Does sleep deprivation in college students influence reaction time?

Elena Pellicer and Margarita Ontiveros

Does sleep deprivation in college students influence reaction time?

Elena Pellicer and Margarita Ontiveros

 

            In todayÕs busy society, getting a good nightÕs sleep has become an ever-increasing problem. College students in particular are veryare particularly susceptible to sleep deprivation. To investigate reaction time in in sleep deprived collegecollege students, we measured the reaction times of students following a nights rest ranging from 3-9 hours. From several primary studies we learned that reaction time is connected to the function of our neuronsneural function and their ability to send rapidthe rapid transport of signals throughout our mental network, but as the day progresses, we wear out these pathways and they lose their ability to transmit signals as quickly.  Sleep has generally been accepted as a restorative process, but the effects of minimal sleep on the reaction times of college students remains poorly understood. Eight hours of sleep is generallythe accepted as the standard for the hours of sleep needed to replenish and repairrestore the human body from the physical and mental stresses of an average day.  In college students, six hours of sleep appears to beis more representative of the time needed to be considered fully rested, therefore we used 6 hours of sleep as our cutoff to consider students as well rested (greater than 6 hours6 hours or more) or sleep deprived (less than  6 hours).  We hypothesize that sleeping at least 6 hours a night gives a college studentÕs brain adequate time to repair the neurons that were used during the previous day.  With a greater degree of neural regeneration, these students should demonstrate quicker reaction times.

To test our hypothesis we used a reaction timer to record the rthe reaction times of 20 volunteers. We recorded how many hours of sleep each participant received theeach participant slept the previous night, creating two sleep categories, one for people with greater than 66 or more hours of sleep and one fopeople withr fewer than 6 hours of sleep. Each individual was run through 5 reaction time trials. Reaction tTimes were recorded in seconds.  We kept the number of variables constant by using the same reaction timer throughout the experiment and requiring each participant to keep their hand approximately 2 inches above the response buttons.  Since sthe students who had slept 6 hours or more the previous night would have had sufficient time to recuperate from the previous dayÕs activitiesday, we predicted them to have fastertheir reaction times to be faster than the group that  who had Ôd slept less than 6 hours.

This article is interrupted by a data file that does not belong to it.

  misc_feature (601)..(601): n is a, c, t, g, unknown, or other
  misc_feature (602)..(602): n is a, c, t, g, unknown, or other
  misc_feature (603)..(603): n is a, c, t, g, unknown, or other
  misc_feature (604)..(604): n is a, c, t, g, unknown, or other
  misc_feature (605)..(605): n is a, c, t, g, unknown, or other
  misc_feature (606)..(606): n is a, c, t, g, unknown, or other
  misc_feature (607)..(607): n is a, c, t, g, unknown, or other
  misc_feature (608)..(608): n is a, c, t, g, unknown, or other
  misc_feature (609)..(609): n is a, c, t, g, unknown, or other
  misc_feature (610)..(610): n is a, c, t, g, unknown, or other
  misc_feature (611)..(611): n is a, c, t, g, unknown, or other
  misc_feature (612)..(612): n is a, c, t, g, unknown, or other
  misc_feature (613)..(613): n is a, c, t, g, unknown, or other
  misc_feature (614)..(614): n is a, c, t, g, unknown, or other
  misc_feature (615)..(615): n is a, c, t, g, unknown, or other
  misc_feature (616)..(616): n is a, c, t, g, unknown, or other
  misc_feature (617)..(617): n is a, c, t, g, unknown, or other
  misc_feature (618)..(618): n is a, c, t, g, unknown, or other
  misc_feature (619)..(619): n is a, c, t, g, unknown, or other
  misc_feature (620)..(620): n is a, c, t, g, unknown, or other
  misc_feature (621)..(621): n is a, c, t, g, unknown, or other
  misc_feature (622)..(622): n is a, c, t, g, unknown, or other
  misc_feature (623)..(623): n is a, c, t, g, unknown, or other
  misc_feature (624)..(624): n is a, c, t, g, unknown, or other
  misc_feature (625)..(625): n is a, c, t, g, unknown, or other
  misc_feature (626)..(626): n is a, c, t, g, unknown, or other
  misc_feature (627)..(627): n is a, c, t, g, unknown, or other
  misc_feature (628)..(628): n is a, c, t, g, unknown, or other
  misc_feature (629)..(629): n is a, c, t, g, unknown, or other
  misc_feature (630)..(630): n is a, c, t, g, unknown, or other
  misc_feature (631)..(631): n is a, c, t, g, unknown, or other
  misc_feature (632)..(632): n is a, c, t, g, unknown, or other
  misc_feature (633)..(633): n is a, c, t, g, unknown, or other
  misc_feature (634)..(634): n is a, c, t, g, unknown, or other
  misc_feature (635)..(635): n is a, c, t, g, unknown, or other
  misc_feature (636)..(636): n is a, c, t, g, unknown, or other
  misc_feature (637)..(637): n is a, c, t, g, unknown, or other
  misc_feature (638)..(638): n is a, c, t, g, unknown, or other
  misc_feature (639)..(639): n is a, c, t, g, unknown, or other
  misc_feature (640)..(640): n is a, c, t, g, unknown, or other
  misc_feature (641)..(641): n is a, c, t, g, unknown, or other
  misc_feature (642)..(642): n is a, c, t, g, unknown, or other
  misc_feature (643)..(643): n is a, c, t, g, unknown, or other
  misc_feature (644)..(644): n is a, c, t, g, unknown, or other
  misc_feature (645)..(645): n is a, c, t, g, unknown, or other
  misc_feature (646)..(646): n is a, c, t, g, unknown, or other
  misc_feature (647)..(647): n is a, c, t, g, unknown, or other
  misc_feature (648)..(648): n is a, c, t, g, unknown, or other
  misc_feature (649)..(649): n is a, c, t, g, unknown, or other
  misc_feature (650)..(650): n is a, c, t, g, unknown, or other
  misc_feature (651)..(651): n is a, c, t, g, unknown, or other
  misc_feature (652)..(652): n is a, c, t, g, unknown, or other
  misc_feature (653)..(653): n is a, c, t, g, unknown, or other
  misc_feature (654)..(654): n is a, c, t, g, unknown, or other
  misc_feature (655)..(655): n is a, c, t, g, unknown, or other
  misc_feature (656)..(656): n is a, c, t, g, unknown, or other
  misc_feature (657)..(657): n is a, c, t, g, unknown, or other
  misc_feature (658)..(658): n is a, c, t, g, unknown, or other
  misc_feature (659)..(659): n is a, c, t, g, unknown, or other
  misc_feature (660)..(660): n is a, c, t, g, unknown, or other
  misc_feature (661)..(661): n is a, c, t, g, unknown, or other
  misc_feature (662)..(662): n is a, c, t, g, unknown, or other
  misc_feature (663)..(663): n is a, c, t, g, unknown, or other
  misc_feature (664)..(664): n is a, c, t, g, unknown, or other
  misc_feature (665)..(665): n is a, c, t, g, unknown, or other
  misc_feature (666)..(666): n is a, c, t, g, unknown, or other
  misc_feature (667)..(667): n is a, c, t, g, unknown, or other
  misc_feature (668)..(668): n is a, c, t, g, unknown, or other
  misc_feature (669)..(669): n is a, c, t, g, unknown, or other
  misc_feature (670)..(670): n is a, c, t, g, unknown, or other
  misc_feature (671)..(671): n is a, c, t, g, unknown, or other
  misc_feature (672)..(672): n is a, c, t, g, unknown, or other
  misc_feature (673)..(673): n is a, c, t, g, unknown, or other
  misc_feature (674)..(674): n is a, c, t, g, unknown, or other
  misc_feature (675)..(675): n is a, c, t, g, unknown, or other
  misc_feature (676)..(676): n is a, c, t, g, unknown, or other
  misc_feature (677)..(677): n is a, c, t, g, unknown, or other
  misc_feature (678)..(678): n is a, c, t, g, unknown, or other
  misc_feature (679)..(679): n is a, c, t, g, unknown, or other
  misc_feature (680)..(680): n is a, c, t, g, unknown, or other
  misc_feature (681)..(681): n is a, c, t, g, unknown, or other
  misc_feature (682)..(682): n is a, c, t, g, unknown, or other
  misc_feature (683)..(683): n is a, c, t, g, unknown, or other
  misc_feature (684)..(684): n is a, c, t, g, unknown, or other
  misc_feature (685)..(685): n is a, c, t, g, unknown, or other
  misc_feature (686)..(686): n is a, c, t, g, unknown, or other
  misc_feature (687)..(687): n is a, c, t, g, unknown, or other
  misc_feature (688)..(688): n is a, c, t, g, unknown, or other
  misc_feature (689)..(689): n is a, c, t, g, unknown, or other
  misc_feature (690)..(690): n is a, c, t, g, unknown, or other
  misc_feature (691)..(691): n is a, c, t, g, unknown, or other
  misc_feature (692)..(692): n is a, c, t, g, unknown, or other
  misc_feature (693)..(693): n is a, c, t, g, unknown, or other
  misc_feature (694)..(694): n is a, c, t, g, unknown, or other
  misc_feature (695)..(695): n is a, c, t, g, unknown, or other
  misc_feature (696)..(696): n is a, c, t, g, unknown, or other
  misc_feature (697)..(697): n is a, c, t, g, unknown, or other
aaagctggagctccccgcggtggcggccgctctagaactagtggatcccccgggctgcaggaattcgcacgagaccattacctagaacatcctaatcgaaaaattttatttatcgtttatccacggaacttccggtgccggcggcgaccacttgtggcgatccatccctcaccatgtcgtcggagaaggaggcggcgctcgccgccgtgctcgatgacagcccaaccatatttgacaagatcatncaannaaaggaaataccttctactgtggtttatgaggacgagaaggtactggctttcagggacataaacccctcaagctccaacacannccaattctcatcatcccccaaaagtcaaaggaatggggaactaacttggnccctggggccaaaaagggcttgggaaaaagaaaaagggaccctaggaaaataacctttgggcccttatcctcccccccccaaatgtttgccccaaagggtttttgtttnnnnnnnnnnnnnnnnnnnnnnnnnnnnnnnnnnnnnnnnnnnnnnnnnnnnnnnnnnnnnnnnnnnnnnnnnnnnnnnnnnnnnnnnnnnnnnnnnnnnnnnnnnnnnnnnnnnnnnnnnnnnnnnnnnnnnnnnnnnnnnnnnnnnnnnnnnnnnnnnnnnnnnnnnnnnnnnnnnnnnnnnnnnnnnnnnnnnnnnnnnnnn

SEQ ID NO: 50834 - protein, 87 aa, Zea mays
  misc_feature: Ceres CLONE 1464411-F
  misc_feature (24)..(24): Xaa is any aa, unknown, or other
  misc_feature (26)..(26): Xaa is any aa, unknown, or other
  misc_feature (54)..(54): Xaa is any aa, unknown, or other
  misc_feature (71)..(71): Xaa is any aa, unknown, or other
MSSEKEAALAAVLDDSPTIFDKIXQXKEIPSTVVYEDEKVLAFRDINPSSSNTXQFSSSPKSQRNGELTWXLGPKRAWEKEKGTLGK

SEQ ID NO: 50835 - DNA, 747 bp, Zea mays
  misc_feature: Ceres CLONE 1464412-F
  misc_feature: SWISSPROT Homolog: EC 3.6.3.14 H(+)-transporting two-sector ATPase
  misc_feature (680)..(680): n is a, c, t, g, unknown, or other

The resulting reaction times from our 20 student volunteers indicated that there was no significant difference between sleep deprived (mean = .6754 sec.) and well rested students (mean = .646 sec., P = .414 > .05).

            Our results did not support our hypothesis.  Sleep did not appear to affect reaction time.  A potential problem with our procedure was the use of different colored lights and a sound as the trigger for the reaction response.  There could be variation in how different participants respond to the different response triggers (colors or sound). If we were to repeat this experiment, we would keep the response trigger constant for all individuals, giving us more informative results.  If our expanded experiment still failed to support our hypothesis, then perhaps in a future experiment we could attempt a to supporttest another factor that could affect reaction time: our daily breakfast diet.   

 

 

Look at pg. 205 in you lab book, might want to think of some way to write an extension sentence here (extension is the same thing as a conclusion statement pg. 205 will make this clear)).